iread – my reading life

While sitting on the phone for hours yesterday waiting for QANTAS and Flight Centre to sort out some bookings, I enjoyed a meandering look at MindFood – one of the wonderful magazines that have sprung up in recent years to cater for those of us who really do want something more than gossip, fashion and food. I don’t buy it all the time but am always glad I did. However my crowning achievement was to finally finish Paul Kingsnorth’s ‘Beast’.

This novel was loaned to me by a student, who had received it as a gift. She is an unusual young woman, who has suffered with some serious health issues and who reads widely and writes beautifully. She is a poet and short story writer, with a gift for intense description and a tone of dark humour. She has never recommended a book before, although we have been talking books for at least three years. Unfortunately she gave me this in the middle of my marking Year 9 poetry novellas, after which I headed straight into Year 11 exam marking; so, while I started the book – and found it odd – I have not had time to finish it, even though she has dropped in every day to find out if I have.

I had not heard of Paul Kingsnorth prior to reading Beast, but I am definitely going to look him up now. It seems, from the cover, that he is best known as a poet, and this novel certainly reads like poetry often. What we discover, is that the protagonist [and only human character] has apparently left his partner and small child to spend time in an abandoned farmhouse on the edges of a moor. He is seeking some kind of acceptance or understanding, but is quickly assailed by a storm which leaves him injured and confused. As he battles with his body to recover from a fall, which has left him with broken ribs and a badly swollen knee, Edward faces his own demons and the landscape is used by Kingsnorth to illustrate both his confusion and his inner life.

Now, on face value, this sounds reasonable and plot-like… however it is not, not really. The first person voice becomes deranged and disassociated at times, with the writing deteriorating as he loses touch with reality. The text breaks, with blank pages indicating lost time, before reconnecting in an entirely new stream of thought and action. Dreams, and what appear to be memories, interrupt the flow of thoughts, as if to imply the sudden emergence of reality; however the sometimes terrible things Edward thinks, or reports to have done [including murder], struck this reader as schizophrenic in nature. Lucidity, of a sort, returns in the final pages, however the tale ends abruptly, without resolution, leaving you wondering what the future might hold.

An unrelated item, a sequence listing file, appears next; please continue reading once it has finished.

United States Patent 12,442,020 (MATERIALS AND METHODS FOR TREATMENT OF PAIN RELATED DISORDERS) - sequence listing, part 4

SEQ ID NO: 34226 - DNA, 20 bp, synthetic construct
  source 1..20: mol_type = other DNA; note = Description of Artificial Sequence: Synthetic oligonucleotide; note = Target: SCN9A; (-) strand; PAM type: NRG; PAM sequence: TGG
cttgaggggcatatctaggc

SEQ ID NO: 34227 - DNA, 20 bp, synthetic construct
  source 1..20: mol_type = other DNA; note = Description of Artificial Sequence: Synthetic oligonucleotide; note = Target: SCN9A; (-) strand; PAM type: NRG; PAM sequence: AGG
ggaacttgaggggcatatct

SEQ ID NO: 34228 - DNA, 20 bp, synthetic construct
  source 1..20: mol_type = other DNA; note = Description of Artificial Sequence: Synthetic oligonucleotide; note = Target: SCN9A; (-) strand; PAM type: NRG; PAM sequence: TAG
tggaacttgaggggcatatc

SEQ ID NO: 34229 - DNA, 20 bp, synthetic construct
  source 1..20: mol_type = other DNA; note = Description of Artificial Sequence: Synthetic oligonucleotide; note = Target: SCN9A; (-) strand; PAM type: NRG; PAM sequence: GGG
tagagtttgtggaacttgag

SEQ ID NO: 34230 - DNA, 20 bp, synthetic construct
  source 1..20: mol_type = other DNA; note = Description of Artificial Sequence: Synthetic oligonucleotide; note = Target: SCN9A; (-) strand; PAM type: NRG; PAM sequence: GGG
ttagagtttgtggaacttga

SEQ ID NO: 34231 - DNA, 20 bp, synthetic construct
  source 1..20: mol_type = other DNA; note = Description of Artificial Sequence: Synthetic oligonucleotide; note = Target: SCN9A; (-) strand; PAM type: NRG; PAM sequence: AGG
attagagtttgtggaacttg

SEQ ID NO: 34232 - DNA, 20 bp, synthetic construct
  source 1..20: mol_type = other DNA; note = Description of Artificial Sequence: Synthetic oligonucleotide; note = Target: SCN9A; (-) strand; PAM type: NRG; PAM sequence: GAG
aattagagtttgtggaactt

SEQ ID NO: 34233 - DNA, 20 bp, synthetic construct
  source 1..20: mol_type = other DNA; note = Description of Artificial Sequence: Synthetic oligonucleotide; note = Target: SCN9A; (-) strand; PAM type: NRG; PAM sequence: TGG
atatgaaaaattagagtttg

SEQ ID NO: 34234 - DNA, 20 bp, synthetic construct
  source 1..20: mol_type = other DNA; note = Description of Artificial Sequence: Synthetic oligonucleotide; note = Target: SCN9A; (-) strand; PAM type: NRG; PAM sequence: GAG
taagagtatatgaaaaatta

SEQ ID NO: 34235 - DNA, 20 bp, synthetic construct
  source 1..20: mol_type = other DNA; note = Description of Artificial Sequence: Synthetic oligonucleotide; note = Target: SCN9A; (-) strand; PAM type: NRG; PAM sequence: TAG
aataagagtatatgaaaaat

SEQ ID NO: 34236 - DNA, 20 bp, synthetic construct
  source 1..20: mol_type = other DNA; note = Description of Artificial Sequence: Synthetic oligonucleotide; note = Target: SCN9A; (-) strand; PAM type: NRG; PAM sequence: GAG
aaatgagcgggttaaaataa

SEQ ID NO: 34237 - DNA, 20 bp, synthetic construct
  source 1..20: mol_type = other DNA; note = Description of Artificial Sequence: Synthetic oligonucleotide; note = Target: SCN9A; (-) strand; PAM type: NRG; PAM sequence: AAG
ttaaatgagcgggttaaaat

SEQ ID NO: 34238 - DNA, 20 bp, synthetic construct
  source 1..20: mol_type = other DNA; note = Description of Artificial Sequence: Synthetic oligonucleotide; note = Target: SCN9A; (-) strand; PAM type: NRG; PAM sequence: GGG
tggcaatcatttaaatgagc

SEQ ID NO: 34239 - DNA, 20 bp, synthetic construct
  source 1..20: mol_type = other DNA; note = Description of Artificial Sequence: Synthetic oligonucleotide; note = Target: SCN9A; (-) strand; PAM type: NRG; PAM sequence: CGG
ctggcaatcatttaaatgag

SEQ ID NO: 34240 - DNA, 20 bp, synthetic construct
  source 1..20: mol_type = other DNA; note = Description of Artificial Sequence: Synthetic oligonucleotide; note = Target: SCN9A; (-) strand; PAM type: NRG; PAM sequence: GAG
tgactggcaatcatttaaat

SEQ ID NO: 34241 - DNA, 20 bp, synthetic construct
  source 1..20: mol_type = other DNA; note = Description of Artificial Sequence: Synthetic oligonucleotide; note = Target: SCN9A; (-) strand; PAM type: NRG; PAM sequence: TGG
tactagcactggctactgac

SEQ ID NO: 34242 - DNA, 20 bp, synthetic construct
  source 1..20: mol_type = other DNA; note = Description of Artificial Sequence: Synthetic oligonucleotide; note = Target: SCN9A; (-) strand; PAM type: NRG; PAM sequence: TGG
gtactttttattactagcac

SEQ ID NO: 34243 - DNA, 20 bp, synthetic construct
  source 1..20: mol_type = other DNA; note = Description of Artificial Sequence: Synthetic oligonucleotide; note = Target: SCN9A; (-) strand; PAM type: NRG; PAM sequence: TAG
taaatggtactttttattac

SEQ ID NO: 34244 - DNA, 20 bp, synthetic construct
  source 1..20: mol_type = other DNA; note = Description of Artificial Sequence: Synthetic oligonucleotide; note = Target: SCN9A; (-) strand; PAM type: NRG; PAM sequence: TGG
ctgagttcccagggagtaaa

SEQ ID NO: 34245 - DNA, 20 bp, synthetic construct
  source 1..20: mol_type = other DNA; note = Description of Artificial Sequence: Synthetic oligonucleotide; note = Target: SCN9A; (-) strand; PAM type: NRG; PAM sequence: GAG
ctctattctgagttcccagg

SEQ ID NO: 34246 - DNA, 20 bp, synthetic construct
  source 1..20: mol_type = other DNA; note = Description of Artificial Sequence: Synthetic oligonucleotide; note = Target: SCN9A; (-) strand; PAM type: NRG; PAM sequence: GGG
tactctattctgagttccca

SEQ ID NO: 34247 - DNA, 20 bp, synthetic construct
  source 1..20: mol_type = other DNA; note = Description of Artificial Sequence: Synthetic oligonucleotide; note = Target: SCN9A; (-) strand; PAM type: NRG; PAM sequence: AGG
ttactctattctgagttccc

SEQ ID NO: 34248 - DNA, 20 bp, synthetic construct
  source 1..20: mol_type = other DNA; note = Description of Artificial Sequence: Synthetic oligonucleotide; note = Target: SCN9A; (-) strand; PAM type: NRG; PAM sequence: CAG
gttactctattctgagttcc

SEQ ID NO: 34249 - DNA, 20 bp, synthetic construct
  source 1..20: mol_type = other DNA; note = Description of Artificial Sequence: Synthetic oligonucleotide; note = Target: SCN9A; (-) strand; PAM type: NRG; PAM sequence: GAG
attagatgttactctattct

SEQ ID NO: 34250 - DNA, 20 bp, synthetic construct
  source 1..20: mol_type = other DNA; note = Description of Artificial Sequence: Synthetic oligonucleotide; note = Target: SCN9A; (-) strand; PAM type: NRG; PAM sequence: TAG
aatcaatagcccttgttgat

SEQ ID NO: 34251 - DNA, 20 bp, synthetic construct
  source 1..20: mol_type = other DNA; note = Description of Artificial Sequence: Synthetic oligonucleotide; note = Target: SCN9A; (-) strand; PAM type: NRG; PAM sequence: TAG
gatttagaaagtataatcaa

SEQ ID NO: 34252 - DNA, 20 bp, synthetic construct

Descriptions of loneliness and the crushing whiteness which isolates Edward, reveal an understanding of depression, and the constancy of the internal monologue suggests elements of OCD. As the West Country moors are revealed by Edward’s determination to find a creature barely glimpsed, I found the concept of a malevolent landscape challenged by the beauty which he notices because he has immersed himself in place. At its heart this novel reminds me of Samuel Taylor Coleridge’s Rime of the Ancient Mariner, in its rhythms and sense of quiet desperation. There is a mystical, Romantic quality to the language, which is intriguing in a world dominated by simplistic messages and easy reading.

She will ask me if I enjoyed it – she has already. I cannot say I did. This is not a book to be enjoyed, but savoured. It is challenging and confronting; taking the reader on a roller coaster of emotions. I believed he was at the farm in the first section, and that he took a fall. However, in the second section, where he determines to reach the nearby village but cannot, and is beleagued by an oppressive heat and high whiteness, I wondered if he was, in fact, in a hospital and experiencing the strange world of a coma. When he rambles into virtual incoherence in the third section, he seems deranged, and the suggestion of acts of violence made me wonder if he was in a mental hospital of some kind. By the end, and the strangely stopped ending, I was confused about him, his life and his future. Certainly Kingsnorth takes the reader on a beautiful journey, but this one has no answers.

It opens the way to ask whether we are too demanding of endings. Do we expect our reading to always fall within certain defined parameters: to follow that narrative arc we were taught about in primary school, to have at least one agreeable [or as the kids say, ‘relateable’] character, for plots to be essentially linear? Perhaps one aspect of this book which makes it engaging is it total refusal to play by those rules. We live in a world where our attention is bombarded by the minute, where there is a constant attempt to turn events into ‘stories’, and to narrative-ise our lives through social media. Kingsnorth offers an alternative. A world bound by the confusion of thoughts and ideas which flash across our minds. A world in which we are bit players in a greater drama, of which we, in truth, know little. A world where there are no clear beginnings or endings. Fascinating reading.

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